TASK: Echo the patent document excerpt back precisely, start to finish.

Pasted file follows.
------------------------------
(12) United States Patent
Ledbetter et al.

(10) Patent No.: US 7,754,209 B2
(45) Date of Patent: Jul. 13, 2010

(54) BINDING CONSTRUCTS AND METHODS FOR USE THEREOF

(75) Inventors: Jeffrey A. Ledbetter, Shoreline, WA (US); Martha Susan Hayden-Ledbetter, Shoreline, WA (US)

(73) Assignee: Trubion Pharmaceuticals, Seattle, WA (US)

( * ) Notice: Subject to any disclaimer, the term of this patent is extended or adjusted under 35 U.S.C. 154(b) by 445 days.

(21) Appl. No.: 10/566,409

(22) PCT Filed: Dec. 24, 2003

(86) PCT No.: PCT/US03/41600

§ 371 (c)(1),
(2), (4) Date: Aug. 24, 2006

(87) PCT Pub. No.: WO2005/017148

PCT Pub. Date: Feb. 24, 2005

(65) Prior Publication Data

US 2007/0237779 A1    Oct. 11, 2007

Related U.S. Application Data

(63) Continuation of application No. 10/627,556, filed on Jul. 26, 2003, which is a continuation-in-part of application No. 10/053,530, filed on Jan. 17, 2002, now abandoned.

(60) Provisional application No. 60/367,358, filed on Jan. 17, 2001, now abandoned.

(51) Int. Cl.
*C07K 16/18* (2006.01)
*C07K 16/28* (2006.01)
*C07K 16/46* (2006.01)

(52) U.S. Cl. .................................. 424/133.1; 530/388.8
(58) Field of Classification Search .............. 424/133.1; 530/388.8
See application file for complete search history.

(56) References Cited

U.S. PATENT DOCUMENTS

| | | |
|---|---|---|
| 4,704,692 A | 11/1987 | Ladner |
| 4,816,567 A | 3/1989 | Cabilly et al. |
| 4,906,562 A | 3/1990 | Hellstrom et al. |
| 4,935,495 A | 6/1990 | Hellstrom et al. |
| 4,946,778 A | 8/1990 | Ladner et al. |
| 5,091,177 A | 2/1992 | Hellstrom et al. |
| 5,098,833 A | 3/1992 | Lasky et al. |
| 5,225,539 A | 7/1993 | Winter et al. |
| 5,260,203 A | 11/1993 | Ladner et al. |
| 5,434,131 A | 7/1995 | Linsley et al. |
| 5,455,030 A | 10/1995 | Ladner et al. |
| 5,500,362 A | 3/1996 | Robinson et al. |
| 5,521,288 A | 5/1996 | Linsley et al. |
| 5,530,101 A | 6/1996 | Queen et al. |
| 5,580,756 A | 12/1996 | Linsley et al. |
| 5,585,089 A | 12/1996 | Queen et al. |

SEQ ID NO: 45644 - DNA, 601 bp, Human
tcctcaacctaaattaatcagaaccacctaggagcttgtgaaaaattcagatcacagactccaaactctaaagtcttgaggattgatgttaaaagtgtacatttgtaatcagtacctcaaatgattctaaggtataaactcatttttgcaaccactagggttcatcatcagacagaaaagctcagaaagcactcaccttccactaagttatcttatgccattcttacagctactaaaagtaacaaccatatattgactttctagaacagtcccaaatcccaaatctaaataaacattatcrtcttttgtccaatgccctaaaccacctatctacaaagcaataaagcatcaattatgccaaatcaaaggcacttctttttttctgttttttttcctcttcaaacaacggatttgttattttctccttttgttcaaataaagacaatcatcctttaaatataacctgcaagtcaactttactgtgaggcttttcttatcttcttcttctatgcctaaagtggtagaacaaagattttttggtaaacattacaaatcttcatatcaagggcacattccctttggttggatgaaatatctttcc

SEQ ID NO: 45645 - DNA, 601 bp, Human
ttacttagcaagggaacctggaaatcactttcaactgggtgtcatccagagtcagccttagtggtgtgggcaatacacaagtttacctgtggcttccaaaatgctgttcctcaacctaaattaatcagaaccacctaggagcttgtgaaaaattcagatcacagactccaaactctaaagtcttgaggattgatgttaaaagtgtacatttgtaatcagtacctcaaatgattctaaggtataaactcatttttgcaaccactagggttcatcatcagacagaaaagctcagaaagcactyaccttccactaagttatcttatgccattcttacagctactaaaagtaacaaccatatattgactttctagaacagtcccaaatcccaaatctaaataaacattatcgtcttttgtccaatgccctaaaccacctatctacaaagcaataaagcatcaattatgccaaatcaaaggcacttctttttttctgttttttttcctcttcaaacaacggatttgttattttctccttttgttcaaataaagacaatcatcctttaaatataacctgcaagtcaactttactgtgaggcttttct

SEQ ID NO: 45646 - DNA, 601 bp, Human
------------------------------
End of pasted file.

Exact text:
(12) United States Patent
Ledbetter et al.

(10) Patent No.: US 7,754,209 B2
(45) Date of Patent: Jul. 13, 2010

(54) BINDING CONSTRUCTS AND METHODS FOR USE THEREOF

(75) Inventors: Jeffrey A. Ledbetter, Shoreline, WA (US); Martha Susan Hayden-Ledbetter, Shoreline, WA (US)

(73) Assignee: Trubion Pharmaceuticals, Seattle, WA (US)

( * ) Notice: Subject to any disclaimer, the term of this patent is extended or adjusted under 35 U.S.C. 154(b) by 445 days.

(21) Appl. No.: 10/566,409

(22) PCT Filed: Dec. 24, 2003

(86) PCT No.: PCT/US03/41600

§ 371 (c)(1),
(2), (4) Date: Aug. 24, 2006

(87) PCT Pub. No.: WO2005/017148

PCT Pub. Date: Feb. 24, 2005

(65) Prior Publication Data

US 2007/0237779 A1    Oct. 11, 2007

Related U.S. Application Data

(63) Continuation of application No. 10/627,556, filed on Jul. 26, 2003, which is a continuation-in-part of application No. 10/053,530, filed on Jan. 17, 2002, now abandoned.

(60) Provisional application No. 60/367,358, filed on Jan. 17, 2001, now abandoned.

(51) Int. Cl.
*C07K 16/18* (2006.01)
*C07K 16/28* (2006.01)
*C07K 16/46* (2006.01)

(52) U.S. Cl. .................................. 424/133.1; 530/388.8
(58) Field of Classification Search .............. 424/133.1; 530/388.8
See application file for complete search history.

(56) References Cited

U.S. PATENT DOCUMENTS

| | | |
|---|---|---|
| 4,704,692 A | 11/1987 | Ladner |
| 4,816,567 A | 3/1989 | Cabilly et al. |
| 4,906,562 A | 3/1990 | Hellstrom et al. |
| 4,935,495 A | 6/1990 | Hellstrom et al. |
| 4,946,778 A | 8/1990 | Ladner et al. |
| 5,091,177 A | 2/1992 | Hellstrom et al. |
| 5,098,833 A | 3/1992 | Lasky et al. |
| 5,225,539 A | 7/1993 | Winter et al. |
| 5,260,203 A | 11/1993 | Ladner et al. |
| 5,434,131 A | 7/1995 | Linsley et al. |
| 5,455,030 A | 10/1995 | Ladner et al. |
| 5,500,362 A | 3/1996 | Robinson et al. |
| 5,521,288 A | 5/1996 | Linsley et al. |
| 5,530,101 A | 6/1996 | Queen et al. |
| 5,580,756 A | 12/1996 | Linsley et al. |
| 5,585,089 A | 12/1996 | Queen et al. |

SEQ ID NO: 45644 - DNA, 601 bp, Human
tcctcaacctaaattaatcagaaccacctaggagcttgtgaaaaattcagatcacagactccaaactctaaagtcttgaggattgatgttaaaagtgtacatttgtaatcagtacctcaaatgattctaaggtataaactcatttttgcaaccactagggttcatcatcagacagaaaagctcagaaagcactcaccttccactaagttatcttatgccattcttacagctactaaaagtaacaaccatatattgactttctagaacagtcccaaatcccaaatctaaataaacattatcrtcttttgtccaatgccctaaaccacctatctacaaagcaataaagcatcaattatgccaaatcaaaggcacttctttttttctgttttttttcctcttcaaacaacggatttgttattttctccttttgttcaaataaagacaatcatcctttaaatataacctgcaagtcaactttactgtgaggcttttcttatcttcttcttctatgcctaaagtggtagaacaaagattttttggtaaacattacaaatcttcatatcaagggcacattccctttggttggatgaaatatctttcc

SEQ ID NO: 45645 - DNA, 601 bp, Human
ttacttagcaagggaacctggaaatcactttcaactgggtgtcatccagagtcagccttagtggtgtgggcaatacacaagtttacctgtggcttccaaaatgctgttcctcaacctaaattaatcagaaccacctaggagcttgtgaaaaattcagatcacagactccaaactctaaagtcttgaggattgatgttaaaagtgtacatttgtaatcagtacctcaaatgattctaaggtataaactcatttttgcaaccactagggttcatcatcagacagaaaagctcagaaagcactyaccttccactaagttatcttatgccattcttacagctactaaaagtaacaaccatatattgactttctagaacagtcccaaatcccaaatctaaataaacattatcgtcttttgtccaatgccctaaaccacctatctacaaagcaataaagcatcaattatgccaaatcaaaggcacttctttttttctgttttttttcctcttcaaacaacggatttgttattttctccttttgttcaaataaagacaatcatcctttaaatataacctgcaagtcaactttactgtgaggcttttct

SEQ ID NO: 45646 - DNA, 601 bp, Human